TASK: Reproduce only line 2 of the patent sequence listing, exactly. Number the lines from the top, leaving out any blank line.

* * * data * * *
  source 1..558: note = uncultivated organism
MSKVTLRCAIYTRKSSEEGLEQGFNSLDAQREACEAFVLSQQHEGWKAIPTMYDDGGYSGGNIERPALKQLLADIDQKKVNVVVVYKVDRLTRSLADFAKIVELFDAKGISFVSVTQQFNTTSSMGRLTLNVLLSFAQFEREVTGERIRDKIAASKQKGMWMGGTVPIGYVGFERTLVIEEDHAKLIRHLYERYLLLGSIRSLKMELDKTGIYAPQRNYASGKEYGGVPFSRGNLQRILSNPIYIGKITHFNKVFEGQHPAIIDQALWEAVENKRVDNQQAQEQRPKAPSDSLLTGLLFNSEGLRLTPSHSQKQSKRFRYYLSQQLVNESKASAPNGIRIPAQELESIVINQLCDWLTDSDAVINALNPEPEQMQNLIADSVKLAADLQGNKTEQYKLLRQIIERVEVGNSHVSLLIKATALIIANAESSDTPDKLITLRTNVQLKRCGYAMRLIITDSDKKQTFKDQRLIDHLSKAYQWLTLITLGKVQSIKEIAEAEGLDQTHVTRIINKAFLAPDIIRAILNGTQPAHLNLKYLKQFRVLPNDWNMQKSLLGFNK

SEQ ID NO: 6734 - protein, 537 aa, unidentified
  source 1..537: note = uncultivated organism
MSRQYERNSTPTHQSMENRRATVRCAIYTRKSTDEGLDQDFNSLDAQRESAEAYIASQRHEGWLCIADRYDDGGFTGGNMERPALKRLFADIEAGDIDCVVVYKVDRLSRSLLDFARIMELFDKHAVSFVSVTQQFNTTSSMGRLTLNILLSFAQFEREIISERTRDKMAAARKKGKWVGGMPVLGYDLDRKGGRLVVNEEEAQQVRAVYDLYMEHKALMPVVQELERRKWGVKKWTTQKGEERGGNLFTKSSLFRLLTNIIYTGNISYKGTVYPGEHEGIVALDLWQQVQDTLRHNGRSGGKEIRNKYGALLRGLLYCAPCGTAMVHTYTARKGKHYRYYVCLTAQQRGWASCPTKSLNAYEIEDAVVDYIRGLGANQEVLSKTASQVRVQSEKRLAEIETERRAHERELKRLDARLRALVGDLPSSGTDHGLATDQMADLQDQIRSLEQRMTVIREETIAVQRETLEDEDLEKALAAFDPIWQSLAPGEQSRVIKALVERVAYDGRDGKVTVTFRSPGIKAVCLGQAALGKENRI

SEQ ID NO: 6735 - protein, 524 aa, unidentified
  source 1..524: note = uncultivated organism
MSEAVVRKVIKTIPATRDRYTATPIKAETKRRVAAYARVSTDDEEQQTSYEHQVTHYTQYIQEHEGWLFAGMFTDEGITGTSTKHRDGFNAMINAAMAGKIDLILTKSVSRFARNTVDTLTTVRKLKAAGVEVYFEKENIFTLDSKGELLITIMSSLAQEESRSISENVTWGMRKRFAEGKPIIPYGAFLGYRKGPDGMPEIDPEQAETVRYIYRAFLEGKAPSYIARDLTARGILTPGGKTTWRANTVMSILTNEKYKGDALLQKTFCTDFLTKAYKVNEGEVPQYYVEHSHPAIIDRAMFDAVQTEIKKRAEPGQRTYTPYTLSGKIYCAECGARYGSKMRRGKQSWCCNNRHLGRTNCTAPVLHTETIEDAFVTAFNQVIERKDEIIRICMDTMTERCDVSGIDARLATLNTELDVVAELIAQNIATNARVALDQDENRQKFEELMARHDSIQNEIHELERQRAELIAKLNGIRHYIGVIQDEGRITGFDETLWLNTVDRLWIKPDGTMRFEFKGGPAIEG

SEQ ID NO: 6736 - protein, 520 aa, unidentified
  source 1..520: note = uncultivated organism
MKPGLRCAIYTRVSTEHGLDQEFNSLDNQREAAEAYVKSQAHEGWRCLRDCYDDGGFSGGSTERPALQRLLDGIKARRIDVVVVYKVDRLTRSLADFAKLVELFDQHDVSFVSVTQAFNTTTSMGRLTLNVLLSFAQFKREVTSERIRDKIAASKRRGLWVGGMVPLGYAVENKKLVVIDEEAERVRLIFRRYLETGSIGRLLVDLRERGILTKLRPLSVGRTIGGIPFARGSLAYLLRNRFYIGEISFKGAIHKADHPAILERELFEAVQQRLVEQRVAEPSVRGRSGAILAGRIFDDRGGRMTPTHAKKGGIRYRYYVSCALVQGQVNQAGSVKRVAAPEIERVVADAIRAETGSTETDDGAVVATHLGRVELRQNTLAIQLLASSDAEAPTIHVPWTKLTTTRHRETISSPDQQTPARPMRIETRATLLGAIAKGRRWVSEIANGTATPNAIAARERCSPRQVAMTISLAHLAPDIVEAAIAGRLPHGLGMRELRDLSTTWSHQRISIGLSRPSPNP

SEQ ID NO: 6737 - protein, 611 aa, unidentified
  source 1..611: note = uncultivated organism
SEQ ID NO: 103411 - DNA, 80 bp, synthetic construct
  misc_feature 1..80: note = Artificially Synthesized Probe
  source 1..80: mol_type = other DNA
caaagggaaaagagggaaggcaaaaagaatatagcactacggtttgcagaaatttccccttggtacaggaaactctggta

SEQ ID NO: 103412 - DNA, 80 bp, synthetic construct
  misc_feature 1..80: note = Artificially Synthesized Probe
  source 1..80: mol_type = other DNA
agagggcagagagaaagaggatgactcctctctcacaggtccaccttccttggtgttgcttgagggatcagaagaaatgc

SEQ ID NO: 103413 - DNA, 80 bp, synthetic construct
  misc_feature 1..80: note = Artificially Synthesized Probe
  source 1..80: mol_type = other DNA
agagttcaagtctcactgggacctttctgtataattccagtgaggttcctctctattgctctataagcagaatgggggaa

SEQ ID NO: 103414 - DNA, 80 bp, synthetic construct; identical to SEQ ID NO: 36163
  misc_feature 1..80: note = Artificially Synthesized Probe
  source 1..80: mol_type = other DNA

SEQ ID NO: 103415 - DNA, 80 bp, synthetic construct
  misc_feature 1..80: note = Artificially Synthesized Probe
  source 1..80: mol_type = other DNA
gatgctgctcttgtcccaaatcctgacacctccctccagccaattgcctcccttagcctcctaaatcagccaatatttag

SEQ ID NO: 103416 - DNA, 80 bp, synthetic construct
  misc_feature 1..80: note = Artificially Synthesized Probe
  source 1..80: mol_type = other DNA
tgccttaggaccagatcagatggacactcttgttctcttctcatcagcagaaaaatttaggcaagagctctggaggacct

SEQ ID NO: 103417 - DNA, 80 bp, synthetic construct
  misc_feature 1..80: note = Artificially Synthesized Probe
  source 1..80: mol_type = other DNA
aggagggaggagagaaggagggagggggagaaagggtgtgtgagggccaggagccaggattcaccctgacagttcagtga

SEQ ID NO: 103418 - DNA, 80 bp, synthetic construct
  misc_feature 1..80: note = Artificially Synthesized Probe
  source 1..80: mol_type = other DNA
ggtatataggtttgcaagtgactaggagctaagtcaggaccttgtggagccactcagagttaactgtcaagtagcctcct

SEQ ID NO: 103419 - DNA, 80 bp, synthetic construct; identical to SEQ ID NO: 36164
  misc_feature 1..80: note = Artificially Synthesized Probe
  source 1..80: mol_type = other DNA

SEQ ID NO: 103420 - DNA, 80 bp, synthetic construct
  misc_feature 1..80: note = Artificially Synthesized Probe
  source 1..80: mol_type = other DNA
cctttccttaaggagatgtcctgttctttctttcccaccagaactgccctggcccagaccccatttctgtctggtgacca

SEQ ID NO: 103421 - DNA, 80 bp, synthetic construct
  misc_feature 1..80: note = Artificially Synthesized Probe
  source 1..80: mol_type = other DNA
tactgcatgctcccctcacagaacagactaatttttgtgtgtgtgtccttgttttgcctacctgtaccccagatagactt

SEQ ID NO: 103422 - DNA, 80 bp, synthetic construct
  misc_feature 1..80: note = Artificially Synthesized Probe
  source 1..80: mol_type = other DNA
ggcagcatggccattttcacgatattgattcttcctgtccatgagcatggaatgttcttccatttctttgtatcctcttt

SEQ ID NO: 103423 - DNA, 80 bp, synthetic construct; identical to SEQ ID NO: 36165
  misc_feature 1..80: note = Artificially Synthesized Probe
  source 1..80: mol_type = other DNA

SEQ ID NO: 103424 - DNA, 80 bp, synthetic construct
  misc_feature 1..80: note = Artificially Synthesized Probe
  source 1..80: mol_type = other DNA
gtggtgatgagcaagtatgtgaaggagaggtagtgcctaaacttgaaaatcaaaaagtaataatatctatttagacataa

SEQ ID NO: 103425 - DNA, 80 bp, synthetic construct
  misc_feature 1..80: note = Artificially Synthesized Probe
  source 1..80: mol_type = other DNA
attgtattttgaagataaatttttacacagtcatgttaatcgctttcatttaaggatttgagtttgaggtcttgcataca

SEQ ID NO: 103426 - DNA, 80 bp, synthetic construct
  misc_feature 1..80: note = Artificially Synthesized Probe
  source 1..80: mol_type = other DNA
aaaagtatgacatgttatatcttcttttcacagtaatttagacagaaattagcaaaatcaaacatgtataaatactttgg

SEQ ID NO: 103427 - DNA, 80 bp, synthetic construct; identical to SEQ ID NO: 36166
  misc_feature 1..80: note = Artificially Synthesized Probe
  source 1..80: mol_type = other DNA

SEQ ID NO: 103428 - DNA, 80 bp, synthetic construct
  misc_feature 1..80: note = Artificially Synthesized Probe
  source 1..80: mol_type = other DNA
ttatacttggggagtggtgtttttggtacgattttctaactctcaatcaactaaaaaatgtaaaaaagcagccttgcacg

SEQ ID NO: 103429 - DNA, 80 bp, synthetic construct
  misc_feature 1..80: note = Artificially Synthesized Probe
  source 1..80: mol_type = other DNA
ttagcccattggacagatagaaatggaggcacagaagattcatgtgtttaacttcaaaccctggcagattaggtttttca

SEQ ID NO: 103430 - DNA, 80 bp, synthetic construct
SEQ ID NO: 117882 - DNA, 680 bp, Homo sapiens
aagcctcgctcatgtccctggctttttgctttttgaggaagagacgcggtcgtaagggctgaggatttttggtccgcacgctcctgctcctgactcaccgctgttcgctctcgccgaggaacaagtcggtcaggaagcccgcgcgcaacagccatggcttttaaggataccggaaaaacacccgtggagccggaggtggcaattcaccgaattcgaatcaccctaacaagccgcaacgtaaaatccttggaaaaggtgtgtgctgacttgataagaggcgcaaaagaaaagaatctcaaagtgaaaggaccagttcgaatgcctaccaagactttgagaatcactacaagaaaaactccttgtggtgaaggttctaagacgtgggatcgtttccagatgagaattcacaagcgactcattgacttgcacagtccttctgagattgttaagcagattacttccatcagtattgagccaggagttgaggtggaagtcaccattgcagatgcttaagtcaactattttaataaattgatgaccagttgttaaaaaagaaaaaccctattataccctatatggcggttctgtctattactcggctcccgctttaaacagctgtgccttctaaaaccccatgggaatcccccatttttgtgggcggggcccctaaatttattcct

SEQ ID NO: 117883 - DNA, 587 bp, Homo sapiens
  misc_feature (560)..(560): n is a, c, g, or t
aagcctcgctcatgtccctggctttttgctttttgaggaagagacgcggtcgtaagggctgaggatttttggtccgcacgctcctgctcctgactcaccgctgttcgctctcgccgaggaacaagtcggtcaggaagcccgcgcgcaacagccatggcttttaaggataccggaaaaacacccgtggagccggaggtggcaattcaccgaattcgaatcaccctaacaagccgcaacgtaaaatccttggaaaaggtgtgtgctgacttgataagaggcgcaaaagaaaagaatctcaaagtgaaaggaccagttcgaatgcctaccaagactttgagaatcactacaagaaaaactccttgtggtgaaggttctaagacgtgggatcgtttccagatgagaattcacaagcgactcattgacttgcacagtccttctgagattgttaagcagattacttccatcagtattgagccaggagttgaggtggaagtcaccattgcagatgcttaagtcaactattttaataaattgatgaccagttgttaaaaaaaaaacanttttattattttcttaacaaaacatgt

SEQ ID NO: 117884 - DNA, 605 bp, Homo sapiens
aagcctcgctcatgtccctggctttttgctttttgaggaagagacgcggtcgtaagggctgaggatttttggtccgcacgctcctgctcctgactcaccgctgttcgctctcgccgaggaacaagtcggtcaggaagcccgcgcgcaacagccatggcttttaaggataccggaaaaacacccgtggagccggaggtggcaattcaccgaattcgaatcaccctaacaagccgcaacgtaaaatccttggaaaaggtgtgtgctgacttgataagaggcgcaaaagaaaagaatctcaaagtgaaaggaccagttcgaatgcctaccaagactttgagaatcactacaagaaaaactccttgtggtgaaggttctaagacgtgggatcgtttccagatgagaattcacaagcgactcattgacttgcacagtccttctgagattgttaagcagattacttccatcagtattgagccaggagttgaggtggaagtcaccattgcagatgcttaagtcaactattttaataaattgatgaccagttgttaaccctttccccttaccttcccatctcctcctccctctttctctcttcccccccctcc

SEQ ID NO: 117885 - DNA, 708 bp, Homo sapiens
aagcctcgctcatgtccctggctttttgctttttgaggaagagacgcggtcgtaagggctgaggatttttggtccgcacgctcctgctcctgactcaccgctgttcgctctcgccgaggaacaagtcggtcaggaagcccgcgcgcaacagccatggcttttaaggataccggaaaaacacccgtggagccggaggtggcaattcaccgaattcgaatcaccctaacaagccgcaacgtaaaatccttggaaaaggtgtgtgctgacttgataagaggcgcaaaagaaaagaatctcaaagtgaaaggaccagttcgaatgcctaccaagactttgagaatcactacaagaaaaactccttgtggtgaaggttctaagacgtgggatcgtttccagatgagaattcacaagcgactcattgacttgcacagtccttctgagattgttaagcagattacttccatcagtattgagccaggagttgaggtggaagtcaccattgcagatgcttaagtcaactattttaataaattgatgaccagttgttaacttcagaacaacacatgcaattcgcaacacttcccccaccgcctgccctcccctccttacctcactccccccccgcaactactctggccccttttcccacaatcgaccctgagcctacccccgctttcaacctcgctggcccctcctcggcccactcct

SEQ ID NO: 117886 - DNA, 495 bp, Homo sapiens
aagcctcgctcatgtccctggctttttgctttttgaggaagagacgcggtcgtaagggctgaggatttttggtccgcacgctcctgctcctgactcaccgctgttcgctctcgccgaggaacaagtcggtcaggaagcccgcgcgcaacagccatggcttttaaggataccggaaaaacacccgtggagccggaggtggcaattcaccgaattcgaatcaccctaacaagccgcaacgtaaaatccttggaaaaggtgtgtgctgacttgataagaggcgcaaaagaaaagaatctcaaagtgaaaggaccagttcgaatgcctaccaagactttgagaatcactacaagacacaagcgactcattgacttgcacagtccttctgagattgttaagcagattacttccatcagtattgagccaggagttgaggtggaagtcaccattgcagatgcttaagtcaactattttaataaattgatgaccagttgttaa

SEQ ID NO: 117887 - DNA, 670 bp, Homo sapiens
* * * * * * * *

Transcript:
MSKVTLRCAIYTRKSSEEGLEQGFNSLDAQREACEAFVLSQQHEGWKAIPTMYDDGGYSGGNIERPALKQLLADIDQKKVNVVVVYKVDRLTRSLADFAKIVELFDAKGISFVSVTQQFNTTSSMGRLTLNVLLSFAQFEREVTGERIRDKIAASKQKGMWMGGTVPIGYVGFERTLVIEEDHAKLIRHLYERYLLLGSIRSLKMELDKTGIYAPQRNYASGKEYGGVPFSRGNLQRILSNPIYIGKITHFNKVFEGQHPAIIDQALWEAVENKRVDNQQAQEQRPKAPSDSLLTGLLFNSEGLRLTPSHSQKQSKRFRYYLSQQLVNESKASAPNGIRIPAQELESIVINQLCDWLTDSDAVINALNPEPEQMQNLIADSVKLAADLQGNKTEQYKLLRQIIERVEVGNSHVSLLIKATALIIANAESSDTPDKLITLRTNVQLKRCGYAMRLIITDSDKKQTFKDQRLIDHLSKAYQWLTLITLGKVQSIKEIAEAEGLDQTHVTRIINKAFLAPDIIRAILNGTQPAHLNLKYLKQFRVLPNDWNMQKSLLGFNK